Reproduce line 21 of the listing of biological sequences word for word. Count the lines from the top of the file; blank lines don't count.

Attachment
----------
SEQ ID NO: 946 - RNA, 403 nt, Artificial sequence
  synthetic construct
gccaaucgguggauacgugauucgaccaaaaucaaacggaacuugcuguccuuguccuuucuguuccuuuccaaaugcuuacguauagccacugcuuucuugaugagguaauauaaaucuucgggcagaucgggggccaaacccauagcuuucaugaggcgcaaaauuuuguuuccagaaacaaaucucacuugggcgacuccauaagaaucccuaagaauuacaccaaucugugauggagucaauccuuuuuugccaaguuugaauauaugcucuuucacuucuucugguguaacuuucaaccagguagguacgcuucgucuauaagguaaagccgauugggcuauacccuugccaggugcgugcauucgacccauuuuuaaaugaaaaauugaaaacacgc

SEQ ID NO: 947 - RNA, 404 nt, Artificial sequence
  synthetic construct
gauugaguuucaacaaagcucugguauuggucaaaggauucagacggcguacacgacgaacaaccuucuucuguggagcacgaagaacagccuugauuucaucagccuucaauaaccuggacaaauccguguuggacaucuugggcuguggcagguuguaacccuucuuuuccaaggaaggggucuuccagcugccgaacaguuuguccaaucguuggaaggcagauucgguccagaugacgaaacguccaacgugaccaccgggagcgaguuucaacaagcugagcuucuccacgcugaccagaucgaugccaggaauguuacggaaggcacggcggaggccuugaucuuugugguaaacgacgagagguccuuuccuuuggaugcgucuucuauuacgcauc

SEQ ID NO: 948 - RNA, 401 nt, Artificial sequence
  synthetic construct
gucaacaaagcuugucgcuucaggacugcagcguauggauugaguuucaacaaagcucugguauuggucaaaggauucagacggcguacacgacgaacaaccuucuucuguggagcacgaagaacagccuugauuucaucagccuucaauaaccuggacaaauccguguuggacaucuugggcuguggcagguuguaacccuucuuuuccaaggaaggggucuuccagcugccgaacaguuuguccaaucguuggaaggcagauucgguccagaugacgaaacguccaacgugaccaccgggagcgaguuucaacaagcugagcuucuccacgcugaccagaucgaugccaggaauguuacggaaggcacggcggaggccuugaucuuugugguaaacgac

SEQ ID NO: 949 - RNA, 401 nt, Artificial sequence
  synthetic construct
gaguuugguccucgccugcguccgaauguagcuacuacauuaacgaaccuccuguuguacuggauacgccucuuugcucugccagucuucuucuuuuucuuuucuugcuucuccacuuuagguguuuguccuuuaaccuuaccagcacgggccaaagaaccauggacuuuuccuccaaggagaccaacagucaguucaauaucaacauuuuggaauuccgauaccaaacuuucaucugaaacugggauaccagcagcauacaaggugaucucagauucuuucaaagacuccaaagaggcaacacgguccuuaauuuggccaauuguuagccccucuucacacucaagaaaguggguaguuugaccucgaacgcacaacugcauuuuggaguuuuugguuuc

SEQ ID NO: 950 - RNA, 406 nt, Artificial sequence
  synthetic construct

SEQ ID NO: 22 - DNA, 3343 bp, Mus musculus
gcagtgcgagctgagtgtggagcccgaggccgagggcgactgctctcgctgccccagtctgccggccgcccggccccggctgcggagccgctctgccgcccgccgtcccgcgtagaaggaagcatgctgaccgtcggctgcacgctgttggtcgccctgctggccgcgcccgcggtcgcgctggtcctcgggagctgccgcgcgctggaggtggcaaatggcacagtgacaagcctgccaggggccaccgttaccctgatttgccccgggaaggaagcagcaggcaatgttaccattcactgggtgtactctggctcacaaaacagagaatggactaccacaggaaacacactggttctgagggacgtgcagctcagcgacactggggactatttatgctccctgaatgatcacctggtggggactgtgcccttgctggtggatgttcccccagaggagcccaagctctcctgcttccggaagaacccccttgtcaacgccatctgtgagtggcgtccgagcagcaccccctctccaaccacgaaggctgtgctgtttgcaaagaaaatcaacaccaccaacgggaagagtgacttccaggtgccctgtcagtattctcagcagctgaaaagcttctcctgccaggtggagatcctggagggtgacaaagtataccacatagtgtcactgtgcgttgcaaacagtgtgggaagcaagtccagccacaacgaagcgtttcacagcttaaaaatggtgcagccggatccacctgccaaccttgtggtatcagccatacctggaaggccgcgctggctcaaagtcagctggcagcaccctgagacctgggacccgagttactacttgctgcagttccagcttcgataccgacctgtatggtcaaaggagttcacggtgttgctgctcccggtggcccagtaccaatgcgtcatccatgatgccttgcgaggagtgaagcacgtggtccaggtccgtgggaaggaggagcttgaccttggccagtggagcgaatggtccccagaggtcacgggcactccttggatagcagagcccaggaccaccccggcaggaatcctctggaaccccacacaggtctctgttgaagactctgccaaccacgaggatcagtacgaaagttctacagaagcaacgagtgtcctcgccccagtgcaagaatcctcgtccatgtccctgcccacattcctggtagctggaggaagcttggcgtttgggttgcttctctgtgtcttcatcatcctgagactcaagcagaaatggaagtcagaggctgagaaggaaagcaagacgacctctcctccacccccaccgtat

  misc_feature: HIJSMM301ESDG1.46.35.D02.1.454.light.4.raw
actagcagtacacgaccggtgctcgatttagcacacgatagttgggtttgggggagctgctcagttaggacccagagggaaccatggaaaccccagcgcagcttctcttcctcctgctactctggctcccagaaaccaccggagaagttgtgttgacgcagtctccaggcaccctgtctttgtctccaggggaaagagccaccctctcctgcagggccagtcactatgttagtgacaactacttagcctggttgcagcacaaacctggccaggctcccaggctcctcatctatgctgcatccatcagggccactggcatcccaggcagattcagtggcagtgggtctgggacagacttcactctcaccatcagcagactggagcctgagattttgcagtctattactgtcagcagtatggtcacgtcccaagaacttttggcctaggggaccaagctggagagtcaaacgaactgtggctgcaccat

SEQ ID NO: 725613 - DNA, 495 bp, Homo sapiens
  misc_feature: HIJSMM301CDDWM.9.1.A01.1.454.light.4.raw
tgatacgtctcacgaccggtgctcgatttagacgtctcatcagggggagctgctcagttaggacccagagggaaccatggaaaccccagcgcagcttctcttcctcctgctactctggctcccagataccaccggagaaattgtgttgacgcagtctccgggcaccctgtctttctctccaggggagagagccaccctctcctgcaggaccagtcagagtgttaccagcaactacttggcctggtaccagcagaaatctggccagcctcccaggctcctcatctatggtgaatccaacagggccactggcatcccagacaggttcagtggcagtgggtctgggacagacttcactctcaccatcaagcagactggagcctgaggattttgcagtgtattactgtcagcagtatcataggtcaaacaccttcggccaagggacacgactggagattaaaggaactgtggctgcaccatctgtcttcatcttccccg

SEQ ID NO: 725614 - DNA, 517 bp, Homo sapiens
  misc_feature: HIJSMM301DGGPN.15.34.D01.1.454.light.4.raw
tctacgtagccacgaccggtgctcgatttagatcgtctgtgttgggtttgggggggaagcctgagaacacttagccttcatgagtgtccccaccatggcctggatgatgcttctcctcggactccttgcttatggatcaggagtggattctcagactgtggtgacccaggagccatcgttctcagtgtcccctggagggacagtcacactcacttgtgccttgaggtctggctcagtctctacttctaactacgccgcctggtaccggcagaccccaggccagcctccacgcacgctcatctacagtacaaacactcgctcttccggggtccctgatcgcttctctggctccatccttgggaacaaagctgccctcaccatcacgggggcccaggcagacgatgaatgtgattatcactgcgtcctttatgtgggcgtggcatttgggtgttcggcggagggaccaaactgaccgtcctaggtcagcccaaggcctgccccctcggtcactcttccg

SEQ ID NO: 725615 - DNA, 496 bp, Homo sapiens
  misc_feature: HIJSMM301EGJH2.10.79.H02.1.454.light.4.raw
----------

tgatacgtctcacgaccggtgctcgatttagacgtctcatcagggggagctgctcagttaggacccagagggaaccatggaaaccccagcgcagcttctcttcctcctgctactctggctcccagataccaccggagaaattgtgttgacgcagtctccgggcaccctgtctttctctccaggggagagagccaccctctcctgcaggaccagtcagagtgttaccagcaactacttggcctggtaccagcagaaatctggccagcctcccaggctcctcatctatggtgaatccaacagggccactggcatcccagacaggttcagtggcagtgggtctgggacagacttcactctcaccatcaagcagactggagcctgaggattttgcagtgtattactgtcagcagtatcataggtcaaacaccttcggccaagggacacgactggagattaaaggaactgtggctgcaccatctgtcttcatcttccccg